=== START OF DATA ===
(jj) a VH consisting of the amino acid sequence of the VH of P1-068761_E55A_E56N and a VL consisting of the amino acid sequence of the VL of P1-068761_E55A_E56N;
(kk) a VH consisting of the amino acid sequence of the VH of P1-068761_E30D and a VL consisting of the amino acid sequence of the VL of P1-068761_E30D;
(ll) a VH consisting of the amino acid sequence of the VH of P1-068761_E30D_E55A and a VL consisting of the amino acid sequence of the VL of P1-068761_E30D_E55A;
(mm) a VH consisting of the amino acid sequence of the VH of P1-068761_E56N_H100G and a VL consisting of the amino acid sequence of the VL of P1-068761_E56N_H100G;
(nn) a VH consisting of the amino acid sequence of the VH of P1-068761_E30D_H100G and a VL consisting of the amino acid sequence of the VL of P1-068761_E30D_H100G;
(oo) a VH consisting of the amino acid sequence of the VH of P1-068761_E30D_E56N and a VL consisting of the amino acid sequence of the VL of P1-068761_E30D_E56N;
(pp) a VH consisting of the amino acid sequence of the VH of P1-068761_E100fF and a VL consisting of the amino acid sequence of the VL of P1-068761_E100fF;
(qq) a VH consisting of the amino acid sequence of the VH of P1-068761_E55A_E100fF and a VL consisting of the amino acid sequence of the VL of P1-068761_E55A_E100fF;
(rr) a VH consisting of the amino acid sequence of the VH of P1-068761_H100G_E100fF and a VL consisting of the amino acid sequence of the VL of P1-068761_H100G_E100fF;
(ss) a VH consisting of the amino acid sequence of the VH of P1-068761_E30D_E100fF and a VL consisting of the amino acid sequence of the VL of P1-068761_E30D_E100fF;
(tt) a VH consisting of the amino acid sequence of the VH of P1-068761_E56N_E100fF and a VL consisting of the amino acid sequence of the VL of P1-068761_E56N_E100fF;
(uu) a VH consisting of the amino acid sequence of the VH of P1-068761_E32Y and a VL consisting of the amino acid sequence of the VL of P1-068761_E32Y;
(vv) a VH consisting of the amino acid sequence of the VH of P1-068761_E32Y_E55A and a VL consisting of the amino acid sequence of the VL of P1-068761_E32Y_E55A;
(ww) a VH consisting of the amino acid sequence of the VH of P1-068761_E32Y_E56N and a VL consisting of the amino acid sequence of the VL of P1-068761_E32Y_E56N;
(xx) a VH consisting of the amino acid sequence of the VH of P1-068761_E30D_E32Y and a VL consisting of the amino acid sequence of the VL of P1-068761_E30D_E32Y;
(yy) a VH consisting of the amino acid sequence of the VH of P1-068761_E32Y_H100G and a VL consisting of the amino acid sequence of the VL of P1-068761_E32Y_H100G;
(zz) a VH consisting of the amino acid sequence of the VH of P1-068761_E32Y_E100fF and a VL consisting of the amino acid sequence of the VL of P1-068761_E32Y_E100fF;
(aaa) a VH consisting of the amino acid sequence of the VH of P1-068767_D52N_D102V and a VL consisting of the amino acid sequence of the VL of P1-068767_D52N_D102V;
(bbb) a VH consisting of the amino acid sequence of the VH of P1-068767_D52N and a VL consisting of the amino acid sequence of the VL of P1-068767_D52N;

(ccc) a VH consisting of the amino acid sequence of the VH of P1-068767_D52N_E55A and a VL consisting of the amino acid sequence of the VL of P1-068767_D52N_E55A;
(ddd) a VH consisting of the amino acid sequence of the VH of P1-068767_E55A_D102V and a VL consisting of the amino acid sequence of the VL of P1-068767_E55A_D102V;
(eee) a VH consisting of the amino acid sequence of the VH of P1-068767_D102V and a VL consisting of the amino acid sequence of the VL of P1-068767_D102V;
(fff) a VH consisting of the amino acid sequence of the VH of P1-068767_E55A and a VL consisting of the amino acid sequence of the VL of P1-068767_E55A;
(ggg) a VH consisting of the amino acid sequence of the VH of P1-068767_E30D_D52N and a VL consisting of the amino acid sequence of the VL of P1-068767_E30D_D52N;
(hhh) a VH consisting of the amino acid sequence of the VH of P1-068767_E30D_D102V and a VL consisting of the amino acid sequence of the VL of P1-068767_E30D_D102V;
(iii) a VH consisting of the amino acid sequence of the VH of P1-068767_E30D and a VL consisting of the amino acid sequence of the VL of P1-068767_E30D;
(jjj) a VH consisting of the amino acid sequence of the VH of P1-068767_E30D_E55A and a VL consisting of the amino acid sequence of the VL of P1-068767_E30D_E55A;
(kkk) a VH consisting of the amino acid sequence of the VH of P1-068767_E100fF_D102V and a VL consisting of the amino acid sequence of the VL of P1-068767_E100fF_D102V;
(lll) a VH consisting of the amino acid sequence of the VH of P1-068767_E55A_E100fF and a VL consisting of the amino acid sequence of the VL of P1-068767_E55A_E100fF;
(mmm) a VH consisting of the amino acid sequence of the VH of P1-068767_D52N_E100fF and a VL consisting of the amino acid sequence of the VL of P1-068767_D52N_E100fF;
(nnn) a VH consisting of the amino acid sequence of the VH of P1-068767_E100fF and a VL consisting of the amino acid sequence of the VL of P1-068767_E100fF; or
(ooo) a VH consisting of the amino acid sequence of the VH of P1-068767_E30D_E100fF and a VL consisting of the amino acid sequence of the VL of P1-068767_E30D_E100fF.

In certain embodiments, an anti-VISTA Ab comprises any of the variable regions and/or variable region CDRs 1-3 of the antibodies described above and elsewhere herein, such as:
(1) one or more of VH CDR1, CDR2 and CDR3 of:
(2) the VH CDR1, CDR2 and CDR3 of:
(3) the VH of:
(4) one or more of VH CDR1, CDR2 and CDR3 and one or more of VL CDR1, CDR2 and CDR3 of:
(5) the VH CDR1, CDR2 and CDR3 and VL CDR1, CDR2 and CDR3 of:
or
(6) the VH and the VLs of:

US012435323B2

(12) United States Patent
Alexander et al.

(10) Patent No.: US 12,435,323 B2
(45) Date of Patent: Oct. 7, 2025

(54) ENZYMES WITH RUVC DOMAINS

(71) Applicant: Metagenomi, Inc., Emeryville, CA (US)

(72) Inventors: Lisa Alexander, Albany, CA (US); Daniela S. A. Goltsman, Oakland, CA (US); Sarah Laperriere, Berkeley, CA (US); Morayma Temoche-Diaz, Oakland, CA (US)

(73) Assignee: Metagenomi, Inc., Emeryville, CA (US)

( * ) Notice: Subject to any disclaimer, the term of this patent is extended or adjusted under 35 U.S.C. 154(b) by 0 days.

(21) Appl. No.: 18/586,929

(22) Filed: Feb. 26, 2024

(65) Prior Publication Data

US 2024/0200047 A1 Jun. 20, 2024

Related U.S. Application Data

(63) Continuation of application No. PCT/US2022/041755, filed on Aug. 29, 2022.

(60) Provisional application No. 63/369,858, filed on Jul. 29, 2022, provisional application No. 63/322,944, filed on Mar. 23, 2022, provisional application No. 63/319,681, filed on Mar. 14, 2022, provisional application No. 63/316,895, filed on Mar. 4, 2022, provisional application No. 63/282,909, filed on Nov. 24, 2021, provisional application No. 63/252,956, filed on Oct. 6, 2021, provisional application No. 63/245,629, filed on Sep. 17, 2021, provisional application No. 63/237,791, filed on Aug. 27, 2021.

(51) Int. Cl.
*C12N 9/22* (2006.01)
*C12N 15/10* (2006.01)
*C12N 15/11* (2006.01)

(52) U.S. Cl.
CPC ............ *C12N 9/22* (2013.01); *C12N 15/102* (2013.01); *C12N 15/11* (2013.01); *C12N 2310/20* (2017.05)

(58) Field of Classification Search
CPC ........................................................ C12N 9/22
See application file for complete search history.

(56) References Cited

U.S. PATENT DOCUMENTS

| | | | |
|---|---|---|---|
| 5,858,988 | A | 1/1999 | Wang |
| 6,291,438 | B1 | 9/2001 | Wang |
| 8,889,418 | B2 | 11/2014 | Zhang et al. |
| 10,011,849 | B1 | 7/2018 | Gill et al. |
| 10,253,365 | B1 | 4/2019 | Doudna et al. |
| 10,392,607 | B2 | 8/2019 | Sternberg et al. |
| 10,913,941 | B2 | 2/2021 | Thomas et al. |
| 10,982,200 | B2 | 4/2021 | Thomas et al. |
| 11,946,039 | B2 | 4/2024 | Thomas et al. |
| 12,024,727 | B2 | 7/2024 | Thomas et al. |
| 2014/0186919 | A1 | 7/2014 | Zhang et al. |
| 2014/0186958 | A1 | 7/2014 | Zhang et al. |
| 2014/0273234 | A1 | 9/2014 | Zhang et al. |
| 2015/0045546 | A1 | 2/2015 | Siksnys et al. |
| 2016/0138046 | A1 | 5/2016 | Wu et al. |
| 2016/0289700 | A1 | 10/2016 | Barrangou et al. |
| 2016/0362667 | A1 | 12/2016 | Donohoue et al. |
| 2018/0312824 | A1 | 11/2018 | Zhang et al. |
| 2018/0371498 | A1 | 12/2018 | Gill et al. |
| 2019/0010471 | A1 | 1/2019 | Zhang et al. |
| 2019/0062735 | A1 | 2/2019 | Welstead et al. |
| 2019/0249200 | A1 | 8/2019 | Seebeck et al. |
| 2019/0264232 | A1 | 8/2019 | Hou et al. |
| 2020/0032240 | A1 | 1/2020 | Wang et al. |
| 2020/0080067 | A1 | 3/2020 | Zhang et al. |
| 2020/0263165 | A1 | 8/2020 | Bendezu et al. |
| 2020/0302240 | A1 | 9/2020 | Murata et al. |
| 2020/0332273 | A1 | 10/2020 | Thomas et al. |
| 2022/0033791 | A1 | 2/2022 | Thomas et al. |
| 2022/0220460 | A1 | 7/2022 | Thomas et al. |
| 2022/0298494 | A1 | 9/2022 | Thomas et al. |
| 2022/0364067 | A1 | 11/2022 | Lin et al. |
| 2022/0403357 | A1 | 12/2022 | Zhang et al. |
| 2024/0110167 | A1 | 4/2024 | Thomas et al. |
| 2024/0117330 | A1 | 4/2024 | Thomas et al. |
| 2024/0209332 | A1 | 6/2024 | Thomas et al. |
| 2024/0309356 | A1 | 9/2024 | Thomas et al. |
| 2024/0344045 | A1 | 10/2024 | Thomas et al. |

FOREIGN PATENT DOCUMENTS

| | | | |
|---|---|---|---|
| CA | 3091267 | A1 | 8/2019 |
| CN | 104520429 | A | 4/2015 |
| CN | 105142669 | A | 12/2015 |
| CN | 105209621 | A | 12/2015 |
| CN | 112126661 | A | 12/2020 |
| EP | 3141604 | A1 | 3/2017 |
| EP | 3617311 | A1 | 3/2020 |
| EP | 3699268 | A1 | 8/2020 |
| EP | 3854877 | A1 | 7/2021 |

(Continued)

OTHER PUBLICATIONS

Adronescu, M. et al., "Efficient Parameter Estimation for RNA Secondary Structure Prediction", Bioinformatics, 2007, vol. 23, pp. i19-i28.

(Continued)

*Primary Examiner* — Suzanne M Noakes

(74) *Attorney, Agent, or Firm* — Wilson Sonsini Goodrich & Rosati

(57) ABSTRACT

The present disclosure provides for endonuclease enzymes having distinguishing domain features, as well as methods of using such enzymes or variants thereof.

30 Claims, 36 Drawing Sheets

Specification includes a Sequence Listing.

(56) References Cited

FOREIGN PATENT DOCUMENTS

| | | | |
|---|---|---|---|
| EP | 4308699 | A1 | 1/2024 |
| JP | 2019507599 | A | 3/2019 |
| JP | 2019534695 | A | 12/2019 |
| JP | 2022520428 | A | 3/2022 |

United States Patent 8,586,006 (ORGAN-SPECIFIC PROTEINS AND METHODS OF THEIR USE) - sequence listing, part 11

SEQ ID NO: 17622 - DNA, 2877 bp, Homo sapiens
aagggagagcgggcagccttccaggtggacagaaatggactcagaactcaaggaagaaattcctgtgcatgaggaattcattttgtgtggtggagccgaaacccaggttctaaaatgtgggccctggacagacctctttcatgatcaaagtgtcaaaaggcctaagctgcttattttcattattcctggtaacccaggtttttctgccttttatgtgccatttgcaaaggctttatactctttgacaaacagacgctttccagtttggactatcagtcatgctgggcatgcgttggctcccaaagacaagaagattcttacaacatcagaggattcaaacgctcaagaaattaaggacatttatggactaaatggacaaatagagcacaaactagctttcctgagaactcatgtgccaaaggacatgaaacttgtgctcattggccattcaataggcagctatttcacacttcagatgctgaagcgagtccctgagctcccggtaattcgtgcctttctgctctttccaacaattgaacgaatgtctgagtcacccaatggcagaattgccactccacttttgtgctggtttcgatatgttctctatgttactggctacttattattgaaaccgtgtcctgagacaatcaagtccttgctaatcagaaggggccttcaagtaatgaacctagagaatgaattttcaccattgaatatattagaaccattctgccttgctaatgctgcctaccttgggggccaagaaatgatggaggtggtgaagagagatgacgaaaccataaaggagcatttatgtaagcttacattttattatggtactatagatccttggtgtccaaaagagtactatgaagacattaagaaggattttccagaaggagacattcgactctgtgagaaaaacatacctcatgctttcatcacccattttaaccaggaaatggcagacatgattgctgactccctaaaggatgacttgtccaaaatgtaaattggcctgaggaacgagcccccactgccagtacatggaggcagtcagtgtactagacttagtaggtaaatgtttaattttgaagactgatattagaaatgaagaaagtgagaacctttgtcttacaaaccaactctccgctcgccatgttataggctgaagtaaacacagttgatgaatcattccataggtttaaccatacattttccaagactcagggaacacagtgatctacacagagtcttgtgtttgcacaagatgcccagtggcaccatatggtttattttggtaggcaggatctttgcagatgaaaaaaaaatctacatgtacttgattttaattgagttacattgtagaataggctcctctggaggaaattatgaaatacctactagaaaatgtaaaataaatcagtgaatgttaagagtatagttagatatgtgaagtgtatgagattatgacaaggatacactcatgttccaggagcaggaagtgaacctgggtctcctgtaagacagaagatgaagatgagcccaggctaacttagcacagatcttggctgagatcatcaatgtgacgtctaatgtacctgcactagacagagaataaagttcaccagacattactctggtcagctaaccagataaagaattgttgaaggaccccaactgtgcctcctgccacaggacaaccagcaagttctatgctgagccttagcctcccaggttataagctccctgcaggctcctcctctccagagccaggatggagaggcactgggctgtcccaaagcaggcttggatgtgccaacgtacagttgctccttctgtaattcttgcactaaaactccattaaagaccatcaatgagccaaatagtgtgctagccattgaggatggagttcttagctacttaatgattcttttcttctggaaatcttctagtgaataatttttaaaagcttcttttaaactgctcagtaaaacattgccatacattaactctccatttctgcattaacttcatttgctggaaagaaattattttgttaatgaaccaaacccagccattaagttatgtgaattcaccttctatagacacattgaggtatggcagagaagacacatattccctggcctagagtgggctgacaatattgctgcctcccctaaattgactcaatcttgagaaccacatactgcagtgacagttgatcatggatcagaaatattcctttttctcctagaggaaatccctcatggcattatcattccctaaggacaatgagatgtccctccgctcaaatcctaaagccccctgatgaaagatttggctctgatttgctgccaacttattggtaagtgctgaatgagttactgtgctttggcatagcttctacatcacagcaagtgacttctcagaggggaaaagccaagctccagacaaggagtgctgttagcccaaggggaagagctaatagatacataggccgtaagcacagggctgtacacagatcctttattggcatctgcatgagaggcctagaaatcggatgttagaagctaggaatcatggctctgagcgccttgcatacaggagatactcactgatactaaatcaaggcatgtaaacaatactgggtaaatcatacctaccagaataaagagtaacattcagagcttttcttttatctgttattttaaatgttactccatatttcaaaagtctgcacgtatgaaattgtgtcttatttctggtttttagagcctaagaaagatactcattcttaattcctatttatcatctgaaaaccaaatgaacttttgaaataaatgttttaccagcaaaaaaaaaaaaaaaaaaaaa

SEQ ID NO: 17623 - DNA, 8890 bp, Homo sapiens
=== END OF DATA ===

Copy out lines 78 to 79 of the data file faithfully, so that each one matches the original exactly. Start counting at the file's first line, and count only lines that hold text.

| 10,982,200 | B2 | 4/2021 | Thomas et al. |
| 11,946,039 | B2 | 4/2024 | Thomas et al. |